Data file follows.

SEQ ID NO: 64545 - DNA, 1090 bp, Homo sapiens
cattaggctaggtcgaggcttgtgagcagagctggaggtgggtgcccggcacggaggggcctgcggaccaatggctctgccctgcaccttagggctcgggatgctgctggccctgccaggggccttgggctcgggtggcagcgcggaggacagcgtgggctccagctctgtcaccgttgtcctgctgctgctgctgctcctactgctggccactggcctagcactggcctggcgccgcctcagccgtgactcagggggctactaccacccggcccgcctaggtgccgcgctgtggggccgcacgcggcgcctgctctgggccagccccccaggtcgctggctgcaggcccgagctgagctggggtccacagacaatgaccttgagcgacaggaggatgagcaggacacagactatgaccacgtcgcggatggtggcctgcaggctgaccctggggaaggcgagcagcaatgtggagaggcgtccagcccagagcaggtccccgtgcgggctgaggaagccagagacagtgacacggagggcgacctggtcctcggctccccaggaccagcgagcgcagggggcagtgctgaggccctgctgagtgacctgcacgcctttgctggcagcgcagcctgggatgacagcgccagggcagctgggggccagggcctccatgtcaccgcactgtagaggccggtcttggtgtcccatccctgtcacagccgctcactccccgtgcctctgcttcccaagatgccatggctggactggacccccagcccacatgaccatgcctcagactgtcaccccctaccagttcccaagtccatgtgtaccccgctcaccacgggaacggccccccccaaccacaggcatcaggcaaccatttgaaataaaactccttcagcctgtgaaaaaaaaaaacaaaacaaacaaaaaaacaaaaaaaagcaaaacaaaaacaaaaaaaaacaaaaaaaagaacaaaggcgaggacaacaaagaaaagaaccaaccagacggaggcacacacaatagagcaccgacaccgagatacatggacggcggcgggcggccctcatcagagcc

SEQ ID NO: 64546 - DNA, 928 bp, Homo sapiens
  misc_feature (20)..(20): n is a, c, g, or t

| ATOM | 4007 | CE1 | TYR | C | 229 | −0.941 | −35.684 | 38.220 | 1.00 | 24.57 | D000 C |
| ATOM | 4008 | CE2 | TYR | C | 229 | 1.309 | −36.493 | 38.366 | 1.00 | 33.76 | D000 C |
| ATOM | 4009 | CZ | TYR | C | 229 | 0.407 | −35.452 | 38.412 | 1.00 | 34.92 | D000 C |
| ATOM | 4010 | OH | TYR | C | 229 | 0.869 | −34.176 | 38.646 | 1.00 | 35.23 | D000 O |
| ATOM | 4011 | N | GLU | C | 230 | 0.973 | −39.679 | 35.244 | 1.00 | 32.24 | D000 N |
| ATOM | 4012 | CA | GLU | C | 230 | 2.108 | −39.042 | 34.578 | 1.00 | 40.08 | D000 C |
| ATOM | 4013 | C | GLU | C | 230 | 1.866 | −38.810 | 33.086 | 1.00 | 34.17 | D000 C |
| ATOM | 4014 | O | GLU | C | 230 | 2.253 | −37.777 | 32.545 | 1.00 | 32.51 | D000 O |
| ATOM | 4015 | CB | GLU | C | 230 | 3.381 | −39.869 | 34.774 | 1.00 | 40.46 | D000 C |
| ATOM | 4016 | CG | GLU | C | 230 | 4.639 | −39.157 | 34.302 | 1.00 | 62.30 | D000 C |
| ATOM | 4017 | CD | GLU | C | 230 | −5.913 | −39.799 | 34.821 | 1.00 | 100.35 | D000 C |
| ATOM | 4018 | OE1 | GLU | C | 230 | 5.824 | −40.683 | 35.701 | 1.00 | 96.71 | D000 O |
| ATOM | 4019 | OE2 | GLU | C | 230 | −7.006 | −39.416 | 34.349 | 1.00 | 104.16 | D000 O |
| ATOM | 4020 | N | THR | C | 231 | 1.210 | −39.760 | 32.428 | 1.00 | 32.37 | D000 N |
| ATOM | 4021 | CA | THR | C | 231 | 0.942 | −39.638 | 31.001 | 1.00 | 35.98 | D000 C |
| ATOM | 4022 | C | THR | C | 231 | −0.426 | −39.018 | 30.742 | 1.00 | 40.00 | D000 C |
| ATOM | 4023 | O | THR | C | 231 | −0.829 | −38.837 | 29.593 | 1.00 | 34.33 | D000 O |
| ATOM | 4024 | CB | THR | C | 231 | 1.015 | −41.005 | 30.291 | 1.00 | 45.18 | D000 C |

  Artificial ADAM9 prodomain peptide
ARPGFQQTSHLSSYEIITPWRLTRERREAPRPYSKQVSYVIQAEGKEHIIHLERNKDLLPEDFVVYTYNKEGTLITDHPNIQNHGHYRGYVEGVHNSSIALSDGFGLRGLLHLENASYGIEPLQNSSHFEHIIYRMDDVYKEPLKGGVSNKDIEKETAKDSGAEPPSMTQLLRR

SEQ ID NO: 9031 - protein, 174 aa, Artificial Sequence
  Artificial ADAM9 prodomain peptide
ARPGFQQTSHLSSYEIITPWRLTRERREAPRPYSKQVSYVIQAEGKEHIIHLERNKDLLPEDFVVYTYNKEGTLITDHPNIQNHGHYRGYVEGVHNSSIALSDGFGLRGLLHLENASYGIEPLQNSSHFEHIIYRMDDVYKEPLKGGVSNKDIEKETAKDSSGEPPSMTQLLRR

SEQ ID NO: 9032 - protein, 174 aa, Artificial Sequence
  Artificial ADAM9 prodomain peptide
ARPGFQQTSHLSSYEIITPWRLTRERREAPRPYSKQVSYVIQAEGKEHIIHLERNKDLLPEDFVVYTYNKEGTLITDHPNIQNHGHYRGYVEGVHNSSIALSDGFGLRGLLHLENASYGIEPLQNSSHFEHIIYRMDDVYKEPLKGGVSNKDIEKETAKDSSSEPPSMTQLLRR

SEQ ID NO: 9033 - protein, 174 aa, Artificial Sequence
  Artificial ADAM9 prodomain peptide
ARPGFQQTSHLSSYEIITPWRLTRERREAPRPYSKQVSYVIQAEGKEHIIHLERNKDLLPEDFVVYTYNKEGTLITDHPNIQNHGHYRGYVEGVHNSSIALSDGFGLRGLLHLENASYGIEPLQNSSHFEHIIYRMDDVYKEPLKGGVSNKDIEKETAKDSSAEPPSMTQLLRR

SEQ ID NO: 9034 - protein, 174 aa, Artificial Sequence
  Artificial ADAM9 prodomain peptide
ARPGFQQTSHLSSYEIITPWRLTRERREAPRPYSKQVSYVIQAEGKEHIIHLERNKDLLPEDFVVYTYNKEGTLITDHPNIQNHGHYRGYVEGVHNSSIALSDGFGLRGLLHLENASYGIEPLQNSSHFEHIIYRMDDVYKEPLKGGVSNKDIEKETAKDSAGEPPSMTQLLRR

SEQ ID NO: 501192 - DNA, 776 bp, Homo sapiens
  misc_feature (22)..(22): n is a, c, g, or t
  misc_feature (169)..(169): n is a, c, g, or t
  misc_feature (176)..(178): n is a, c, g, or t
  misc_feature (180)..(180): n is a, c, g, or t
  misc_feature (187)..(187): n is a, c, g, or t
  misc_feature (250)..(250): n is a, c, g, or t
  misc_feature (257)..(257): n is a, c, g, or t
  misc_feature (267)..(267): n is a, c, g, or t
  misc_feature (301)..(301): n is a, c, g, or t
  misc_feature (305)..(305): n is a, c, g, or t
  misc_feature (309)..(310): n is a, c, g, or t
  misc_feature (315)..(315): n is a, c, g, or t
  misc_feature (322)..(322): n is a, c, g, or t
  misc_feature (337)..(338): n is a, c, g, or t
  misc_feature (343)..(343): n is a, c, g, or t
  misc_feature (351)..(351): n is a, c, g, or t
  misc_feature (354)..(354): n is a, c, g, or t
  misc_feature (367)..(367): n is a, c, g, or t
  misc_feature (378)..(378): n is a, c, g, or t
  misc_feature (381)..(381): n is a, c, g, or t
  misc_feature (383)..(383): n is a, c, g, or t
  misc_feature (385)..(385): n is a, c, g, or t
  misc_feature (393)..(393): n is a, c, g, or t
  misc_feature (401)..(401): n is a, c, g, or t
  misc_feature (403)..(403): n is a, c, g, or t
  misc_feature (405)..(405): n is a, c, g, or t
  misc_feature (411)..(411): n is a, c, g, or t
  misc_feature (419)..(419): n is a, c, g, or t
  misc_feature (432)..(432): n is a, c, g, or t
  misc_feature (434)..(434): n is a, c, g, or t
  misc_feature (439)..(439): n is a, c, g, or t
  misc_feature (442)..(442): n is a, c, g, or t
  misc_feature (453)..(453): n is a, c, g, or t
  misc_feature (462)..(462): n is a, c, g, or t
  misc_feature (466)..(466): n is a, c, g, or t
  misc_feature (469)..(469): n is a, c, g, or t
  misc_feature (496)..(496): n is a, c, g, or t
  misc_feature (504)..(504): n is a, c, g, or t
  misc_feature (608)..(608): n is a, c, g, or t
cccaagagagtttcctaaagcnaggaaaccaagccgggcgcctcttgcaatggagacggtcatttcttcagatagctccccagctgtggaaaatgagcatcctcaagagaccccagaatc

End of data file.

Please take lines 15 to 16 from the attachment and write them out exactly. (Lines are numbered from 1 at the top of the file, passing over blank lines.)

| ATOM | 4017 | CD | GLU | C | 230 | −5.913 | −39.799 | 34.821 | 1.00 | 100.35 | D000 C |
| ATOM | 4018 | OE1 | GLU | C | 230 | 5.824 | −40.683 | 35.701 | 1.00 | 96.71 | D000 O |